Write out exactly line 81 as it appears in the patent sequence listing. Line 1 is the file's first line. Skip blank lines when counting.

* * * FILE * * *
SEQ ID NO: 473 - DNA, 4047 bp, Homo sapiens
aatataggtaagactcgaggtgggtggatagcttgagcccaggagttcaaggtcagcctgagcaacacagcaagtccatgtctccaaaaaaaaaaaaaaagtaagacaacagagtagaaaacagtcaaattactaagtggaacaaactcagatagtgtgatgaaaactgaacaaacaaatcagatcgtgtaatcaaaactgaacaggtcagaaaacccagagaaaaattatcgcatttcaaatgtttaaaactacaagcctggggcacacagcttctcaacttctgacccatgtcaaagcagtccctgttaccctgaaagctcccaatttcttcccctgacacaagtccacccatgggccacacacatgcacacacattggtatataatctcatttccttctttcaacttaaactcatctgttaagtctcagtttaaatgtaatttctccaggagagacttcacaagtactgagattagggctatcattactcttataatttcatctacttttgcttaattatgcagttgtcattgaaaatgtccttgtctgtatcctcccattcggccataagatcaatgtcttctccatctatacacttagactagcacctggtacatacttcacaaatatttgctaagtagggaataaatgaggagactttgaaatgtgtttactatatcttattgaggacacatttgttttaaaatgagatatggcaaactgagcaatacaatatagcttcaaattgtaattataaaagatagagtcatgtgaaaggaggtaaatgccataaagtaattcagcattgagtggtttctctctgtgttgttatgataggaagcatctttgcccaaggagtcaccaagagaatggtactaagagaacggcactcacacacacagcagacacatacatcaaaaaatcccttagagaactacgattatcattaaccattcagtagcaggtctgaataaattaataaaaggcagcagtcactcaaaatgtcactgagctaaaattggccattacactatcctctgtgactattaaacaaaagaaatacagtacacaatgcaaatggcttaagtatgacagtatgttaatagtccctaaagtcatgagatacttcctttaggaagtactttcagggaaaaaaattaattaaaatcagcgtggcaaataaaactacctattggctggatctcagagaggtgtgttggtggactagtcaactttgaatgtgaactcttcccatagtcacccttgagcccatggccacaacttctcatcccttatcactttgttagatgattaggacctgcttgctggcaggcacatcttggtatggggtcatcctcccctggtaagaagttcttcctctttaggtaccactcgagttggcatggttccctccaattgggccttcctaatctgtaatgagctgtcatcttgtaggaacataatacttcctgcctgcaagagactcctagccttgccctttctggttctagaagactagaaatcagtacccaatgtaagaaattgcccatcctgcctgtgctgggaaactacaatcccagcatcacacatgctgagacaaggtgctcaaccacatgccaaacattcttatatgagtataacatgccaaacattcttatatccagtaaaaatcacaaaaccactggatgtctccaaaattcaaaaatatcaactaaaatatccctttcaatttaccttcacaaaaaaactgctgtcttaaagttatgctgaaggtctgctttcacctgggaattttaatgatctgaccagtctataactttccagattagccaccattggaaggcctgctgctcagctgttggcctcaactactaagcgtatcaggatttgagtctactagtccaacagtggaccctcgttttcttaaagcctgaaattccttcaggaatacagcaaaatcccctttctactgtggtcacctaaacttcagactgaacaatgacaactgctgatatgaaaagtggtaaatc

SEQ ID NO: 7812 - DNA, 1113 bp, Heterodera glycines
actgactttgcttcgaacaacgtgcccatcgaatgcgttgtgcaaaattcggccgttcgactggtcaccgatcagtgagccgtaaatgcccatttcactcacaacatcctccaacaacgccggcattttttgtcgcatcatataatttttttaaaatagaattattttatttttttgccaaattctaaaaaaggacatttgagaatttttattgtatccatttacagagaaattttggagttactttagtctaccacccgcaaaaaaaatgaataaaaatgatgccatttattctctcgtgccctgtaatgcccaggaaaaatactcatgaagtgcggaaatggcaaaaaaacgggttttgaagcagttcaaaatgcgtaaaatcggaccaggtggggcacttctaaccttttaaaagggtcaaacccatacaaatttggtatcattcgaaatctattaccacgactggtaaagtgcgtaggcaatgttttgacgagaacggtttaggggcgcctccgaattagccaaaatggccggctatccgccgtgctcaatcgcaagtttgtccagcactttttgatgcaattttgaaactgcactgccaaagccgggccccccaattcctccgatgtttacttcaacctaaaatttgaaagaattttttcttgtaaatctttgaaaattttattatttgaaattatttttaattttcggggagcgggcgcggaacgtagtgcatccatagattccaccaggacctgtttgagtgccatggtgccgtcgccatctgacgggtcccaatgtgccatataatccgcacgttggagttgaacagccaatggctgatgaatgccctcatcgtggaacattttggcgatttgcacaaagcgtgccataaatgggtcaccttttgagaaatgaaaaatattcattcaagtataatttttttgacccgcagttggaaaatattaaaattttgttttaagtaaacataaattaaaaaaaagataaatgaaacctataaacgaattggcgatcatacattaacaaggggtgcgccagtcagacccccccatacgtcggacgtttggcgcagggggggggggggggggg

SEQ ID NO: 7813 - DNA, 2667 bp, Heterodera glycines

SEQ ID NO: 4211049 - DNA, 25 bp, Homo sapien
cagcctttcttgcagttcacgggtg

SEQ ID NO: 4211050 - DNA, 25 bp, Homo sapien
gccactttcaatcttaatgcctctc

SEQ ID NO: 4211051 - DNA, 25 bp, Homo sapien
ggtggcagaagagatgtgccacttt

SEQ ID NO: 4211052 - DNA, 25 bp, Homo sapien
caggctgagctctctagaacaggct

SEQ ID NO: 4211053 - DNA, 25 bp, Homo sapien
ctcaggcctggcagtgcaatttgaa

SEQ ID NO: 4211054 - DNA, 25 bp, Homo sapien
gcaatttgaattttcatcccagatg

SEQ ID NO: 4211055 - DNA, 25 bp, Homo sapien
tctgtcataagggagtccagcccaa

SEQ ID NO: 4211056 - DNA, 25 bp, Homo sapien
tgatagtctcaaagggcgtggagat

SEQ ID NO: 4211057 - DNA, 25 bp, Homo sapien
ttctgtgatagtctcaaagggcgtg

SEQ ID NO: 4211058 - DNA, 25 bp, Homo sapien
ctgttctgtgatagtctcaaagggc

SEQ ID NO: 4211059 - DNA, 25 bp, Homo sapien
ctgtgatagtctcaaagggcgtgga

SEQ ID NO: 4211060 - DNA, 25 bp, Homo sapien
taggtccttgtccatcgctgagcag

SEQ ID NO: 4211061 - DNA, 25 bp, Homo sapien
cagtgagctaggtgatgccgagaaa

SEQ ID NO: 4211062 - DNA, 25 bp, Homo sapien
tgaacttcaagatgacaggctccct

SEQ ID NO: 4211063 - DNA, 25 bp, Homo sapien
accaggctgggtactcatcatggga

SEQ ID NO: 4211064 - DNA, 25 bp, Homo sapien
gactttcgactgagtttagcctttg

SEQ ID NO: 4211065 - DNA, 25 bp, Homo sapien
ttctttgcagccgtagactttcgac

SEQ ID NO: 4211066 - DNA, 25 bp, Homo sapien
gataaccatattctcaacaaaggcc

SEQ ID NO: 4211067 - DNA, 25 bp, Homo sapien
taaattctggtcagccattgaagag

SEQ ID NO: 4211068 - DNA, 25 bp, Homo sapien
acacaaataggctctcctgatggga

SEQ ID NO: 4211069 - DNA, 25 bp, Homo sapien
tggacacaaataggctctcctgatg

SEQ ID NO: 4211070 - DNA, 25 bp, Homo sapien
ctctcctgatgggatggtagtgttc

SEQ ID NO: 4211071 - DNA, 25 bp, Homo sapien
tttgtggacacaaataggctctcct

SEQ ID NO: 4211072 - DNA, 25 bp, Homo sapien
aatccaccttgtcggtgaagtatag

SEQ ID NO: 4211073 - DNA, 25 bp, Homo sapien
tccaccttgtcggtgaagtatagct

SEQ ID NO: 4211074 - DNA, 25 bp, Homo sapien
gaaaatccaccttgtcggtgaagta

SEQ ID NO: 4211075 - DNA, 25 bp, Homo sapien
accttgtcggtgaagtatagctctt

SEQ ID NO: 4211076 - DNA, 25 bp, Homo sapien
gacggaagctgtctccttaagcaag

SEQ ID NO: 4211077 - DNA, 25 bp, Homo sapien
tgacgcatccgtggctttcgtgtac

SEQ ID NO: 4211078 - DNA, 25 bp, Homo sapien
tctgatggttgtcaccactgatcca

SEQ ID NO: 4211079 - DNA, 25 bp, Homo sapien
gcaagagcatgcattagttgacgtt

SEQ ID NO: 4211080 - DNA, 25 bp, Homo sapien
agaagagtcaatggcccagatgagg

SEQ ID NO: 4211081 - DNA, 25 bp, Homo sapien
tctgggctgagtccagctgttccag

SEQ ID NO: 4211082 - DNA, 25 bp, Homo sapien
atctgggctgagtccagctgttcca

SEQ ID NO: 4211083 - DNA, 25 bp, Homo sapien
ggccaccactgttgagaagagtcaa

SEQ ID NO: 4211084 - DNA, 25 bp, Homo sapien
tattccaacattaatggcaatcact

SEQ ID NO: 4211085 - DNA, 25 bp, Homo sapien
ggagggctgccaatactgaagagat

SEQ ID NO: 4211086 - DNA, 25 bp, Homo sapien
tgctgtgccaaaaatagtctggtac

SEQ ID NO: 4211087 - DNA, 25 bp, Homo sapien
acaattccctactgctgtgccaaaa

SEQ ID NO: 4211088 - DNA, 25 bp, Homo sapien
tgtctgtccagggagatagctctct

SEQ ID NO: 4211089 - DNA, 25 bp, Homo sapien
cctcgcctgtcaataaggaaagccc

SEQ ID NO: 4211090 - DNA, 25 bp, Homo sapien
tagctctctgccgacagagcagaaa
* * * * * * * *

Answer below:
tgctgtgccaaaaatagtctggtac